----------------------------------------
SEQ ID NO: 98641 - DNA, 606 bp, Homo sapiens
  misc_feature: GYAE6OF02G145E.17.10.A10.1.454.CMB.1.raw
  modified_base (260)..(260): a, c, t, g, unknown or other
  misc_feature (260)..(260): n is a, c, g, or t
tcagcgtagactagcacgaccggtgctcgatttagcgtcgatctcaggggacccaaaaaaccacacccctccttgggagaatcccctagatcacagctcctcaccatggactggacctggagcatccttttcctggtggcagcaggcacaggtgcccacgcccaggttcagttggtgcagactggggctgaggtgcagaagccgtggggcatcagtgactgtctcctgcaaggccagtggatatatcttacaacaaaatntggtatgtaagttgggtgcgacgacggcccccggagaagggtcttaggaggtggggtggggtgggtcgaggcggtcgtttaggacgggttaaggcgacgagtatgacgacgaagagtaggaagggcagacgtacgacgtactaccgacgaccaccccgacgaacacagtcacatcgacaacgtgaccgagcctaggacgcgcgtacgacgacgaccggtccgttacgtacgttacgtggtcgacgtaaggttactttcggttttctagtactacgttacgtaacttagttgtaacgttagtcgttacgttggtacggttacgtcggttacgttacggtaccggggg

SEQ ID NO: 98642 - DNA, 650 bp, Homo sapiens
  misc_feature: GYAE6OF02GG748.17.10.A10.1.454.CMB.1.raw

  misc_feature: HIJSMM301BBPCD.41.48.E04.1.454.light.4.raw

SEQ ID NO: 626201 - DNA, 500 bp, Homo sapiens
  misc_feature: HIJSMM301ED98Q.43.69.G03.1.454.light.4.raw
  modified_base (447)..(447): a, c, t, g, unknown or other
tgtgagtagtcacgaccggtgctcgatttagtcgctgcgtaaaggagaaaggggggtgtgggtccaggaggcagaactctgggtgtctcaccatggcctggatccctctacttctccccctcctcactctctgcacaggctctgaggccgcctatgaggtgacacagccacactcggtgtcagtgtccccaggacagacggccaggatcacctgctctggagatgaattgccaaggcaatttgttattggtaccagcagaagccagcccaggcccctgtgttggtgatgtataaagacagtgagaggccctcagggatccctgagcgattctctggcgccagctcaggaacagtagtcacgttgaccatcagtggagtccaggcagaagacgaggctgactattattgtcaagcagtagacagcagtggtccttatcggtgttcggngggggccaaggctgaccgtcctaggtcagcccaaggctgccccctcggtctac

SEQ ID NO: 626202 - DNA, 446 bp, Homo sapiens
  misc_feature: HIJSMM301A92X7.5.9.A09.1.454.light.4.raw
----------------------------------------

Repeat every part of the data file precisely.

SEQ ID NO: 98641 - DNA, 606 bp, Homo sapiens
  misc_feature: GYAE6OF02G145E.17.10.A10.1.454.CMB.1.raw
  modified_base (260)..(260): a, c, t, g, unknown or other
  misc_feature (260)..(260): n is a, c, g, or t
tcagcgtagactagcacgaccggtgctcgatttagcgtcgatctcaggggacccaaaaaaccacacccctccttgggagaatcccctagatcacagctcctcaccatggactggacctggagcatccttttcctggtggcagcaggcacaggtgcccacgcccaggttcagttggtgcagactggggctgaggtgcagaagccgtggggcatcagtgactgtctcctgcaaggccagtggatatatcttacaacaaaatntggtatgtaagttgggtgcgacgacggcccccggagaagggtcttaggaggtggggtggggtgggtcgaggcggtcgtttaggacgggttaaggcgacgagtatgacgacgaagagtaggaagggcagacgtacgacgtactaccgacgaccaccccgacgaacacagtcacatcgacaacgtgaccgagcctaggacgcgcgtacgacgacgaccggtccgttacgtacgttacgtggtcgacgtaaggttactttcggttttctagtactacgttacgtaacttagttgtaacgttagtcgttacgttggtacggttacgtcggttacgttacggtaccggggg

SEQ ID NO: 98642 - DNA, 650 bp, Homo sapiens
  misc_feature: GYAE6OF02GG748.17.10.A10.1.454.CMB.1.raw

  misc_feature: HIJSMM301BBPCD.41.48.E04.1.454.light.4.raw

SEQ ID NO: 626201 - DNA, 500 bp, Homo sapiens
  misc_feature: HIJSMM301ED98Q.43.69.G03.1.454.light.4.raw
  modified_base (447)..(447): a, c, t, g, unknown or other
tgtgagtagtcacgaccggtgctcgatttagtcgctgcgtaaaggagaaaggggggtgtgggtccaggaggcagaactctgggtgtctcaccatggcctggatccctctacttctccccctcctcactctctgcacaggctctgaggccgcctatgaggtgacacagccacactcggtgtcagtgtccccaggacagacggccaggatcacctgctctggagatgaattgccaaggcaatttgttattggtaccagcagaagccagcccaggcccctgtgttggtgatgtataaagacagtgagaggccctcagggatccctgagcgattctctggcgccagctcaggaacagtagtcacgttgaccatcagtggagtccaggcagaagacgaggctgactattattgtcaagcagtagacagcagtggtccttatcggtgttcggngggggccaaggctgaccgtcctaggtcagcccaaggctgccccctcggtctac

SEQ ID NO: 626202 - DNA, 446 bp, Homo sapiens
  misc_feature: HIJSMM301A92X7.5.9.A09.1.454.light.4.raw